foxy1977
Contributor
Contributor

ESXi disk setup for SQL server VMs - advice sought

Hi folks,

Just after a bit of advice about the RAID hard drive setup on a new physical host we are putting in to run a couple of virtual SQL servers. I am looking at putting in a Dell 2950 with 16gb RAM (with space for another 16gb taking it to 32gb) and a lot of direct attached storage. My question is really around the RAID config. I am looking at running possibly 3 machines at needing about 300-500gb each storage each.

I know for physical servers we try to setup the system, transaction logs and data files on separate disks. Some of our servers were split between two raid controllers and a number of physical disks. Do we still need to plan the virtual machines along the same lines. I was thinking that we do not need to set them up in the same manner as the underlying physical setup is different. I am thinking about putting the system os on a 20gb partition and a massic 300gb data partition.

At the moment we do not have a budget for shared storage but I am hoping we can get something sorted in the next few months.

I am thinking about whether to go with RAID 5 (5 or 6 x 1tb SAS or SATA drive) or RAID 1+0 with a number of 1TB drives. What setup is going to give me the best performance? I have heard stuff about the more spindles the better. I'm assuming spindles means drives!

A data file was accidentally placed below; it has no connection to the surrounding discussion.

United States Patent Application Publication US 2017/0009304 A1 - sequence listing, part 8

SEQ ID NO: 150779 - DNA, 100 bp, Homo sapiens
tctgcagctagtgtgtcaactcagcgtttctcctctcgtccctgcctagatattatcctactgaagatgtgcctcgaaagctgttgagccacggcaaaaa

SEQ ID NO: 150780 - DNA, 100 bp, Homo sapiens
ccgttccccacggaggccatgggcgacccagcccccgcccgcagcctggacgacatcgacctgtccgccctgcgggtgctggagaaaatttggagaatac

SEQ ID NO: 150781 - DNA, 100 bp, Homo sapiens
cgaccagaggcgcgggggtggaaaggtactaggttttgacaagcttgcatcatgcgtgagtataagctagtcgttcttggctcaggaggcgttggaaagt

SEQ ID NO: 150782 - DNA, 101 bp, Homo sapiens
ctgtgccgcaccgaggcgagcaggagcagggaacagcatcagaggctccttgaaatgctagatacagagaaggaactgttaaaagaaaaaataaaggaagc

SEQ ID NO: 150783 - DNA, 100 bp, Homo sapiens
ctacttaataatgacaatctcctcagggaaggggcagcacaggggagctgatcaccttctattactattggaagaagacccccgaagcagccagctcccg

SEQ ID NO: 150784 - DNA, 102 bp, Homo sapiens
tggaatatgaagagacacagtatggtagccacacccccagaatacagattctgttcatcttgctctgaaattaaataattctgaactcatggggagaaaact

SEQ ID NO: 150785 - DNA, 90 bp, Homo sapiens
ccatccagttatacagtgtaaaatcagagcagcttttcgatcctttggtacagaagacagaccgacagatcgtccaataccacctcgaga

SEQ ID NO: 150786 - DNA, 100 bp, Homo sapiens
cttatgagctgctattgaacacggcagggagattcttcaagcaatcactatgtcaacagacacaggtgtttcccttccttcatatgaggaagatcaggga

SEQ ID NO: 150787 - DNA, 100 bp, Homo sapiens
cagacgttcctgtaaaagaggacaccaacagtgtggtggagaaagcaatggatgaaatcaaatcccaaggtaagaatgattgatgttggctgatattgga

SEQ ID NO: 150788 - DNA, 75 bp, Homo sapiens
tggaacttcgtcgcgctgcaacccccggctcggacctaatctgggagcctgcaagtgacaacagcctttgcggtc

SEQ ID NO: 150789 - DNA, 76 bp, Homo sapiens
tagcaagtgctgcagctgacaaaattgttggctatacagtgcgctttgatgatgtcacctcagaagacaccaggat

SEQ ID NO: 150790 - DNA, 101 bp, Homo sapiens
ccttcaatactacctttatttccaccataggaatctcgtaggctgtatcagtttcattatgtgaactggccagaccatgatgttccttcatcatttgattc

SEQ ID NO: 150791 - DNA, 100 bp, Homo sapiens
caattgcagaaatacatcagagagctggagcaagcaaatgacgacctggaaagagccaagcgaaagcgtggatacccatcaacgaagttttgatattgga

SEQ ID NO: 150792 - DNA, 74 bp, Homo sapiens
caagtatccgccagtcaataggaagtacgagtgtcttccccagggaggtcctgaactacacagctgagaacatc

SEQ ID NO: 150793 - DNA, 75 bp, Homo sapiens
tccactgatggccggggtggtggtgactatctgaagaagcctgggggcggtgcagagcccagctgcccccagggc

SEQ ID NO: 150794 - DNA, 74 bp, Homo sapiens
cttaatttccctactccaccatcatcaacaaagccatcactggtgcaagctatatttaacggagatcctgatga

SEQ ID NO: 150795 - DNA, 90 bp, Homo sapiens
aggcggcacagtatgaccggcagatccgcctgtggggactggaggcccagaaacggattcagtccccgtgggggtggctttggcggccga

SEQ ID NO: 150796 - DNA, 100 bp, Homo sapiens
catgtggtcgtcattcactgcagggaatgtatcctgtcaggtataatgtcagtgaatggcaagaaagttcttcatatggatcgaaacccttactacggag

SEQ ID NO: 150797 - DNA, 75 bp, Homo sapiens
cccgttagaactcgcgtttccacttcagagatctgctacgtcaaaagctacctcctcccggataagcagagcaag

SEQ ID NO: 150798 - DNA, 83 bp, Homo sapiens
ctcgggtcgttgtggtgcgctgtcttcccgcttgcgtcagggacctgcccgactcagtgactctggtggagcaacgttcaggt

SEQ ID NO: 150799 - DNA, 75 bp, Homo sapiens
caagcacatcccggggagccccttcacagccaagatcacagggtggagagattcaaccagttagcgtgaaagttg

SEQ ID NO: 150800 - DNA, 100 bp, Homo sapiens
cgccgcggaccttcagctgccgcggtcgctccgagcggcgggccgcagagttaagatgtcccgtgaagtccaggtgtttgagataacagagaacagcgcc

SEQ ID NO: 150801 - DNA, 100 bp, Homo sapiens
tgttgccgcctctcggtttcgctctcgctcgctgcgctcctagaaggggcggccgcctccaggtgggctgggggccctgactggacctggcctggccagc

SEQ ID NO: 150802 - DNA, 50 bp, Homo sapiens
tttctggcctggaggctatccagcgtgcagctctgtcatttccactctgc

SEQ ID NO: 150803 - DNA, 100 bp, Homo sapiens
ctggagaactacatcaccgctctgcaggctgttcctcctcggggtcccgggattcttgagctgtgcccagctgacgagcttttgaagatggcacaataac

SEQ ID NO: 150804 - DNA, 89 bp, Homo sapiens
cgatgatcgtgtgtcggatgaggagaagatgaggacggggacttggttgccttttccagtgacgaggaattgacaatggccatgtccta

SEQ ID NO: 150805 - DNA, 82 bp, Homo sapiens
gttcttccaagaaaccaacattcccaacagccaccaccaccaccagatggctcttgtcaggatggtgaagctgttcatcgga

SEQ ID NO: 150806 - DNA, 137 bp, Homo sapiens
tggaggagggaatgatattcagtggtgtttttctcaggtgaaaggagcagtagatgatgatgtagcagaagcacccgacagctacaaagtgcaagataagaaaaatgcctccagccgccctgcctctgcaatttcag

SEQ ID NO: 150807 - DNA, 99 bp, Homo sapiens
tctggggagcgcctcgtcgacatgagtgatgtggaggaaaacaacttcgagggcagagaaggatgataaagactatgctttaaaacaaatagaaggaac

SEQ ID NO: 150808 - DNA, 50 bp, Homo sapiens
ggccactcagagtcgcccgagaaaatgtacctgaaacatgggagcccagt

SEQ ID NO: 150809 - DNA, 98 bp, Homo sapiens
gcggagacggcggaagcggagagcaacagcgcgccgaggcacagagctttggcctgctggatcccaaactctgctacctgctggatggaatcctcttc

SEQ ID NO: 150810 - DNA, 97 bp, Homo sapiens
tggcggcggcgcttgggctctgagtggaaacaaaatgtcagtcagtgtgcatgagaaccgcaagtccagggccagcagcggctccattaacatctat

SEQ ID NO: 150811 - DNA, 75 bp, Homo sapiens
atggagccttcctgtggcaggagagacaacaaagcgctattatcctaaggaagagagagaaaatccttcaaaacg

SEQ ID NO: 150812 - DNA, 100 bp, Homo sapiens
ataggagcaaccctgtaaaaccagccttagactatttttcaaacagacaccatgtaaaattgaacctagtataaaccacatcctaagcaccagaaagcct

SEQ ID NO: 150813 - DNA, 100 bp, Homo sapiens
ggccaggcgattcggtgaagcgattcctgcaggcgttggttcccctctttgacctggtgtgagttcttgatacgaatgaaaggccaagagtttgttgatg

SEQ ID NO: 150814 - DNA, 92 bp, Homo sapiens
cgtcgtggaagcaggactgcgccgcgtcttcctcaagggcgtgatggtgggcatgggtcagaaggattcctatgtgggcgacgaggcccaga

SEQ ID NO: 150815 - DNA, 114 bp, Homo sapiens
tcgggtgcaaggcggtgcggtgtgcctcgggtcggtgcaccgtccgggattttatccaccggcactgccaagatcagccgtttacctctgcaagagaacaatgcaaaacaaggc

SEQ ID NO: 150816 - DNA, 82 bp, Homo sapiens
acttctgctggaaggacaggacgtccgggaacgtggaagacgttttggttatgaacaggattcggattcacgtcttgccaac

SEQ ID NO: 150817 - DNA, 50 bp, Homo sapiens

We are going to be converting/migrating 2 machines that are running on dual AMD 2218 2.6ghz with 4gb RAM on direct storage. Just run a few sql counters over one of the boxes and it is averaging between 60-100 transactions per second the other box is averaging about 350 per sec. We are also looking at upgrading SQL from 2000 to 2005.

Any tips and ideas gratefully received

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7 Replies
jrenton
Hot Shot
Hot Shot

Take a look at this. http://communities.vmware.com/docs/DOC-8964

Should give you all of the answers you require.

John

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Lightbulb
Virtuoso
Virtuoso

Spindles do mean drives Smiley Happy

For SQL VMs disk I/O setup is just as important as on a physical system.

I posted about this here last night

http://communities.vmware.com/message/1155224#1155224

You really should take a look at this whitepaper which covers SQL I/O setup and Best practices

http://www.computationpress.com/images/disk_deck_short2.pdf

Also MSFTs take on it

http://www.microsoft.com/technet/prodtechnol/sql/bestpractice/pdpliobp.mspx

As you do not have Shared storage your options are a little limited at this time but setting up the I/O subsystem on a SQL system (Physical or Virtual) is something you want to put some thought into or you will face performance issues and unusual bugs down the line.

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foxy1977
Contributor
Contributor

What are RDMs?

Just having a look through a couple of them documents. I was reading them yesterday evening.

Are you guys saying that regardless of the physcal infrastructure (say

raid 5 or 10) i should still set my VMs up with 3 seperate disks

(system, logs and data) regardless of the underlying hardware.

Thanks for the advice - much appreciated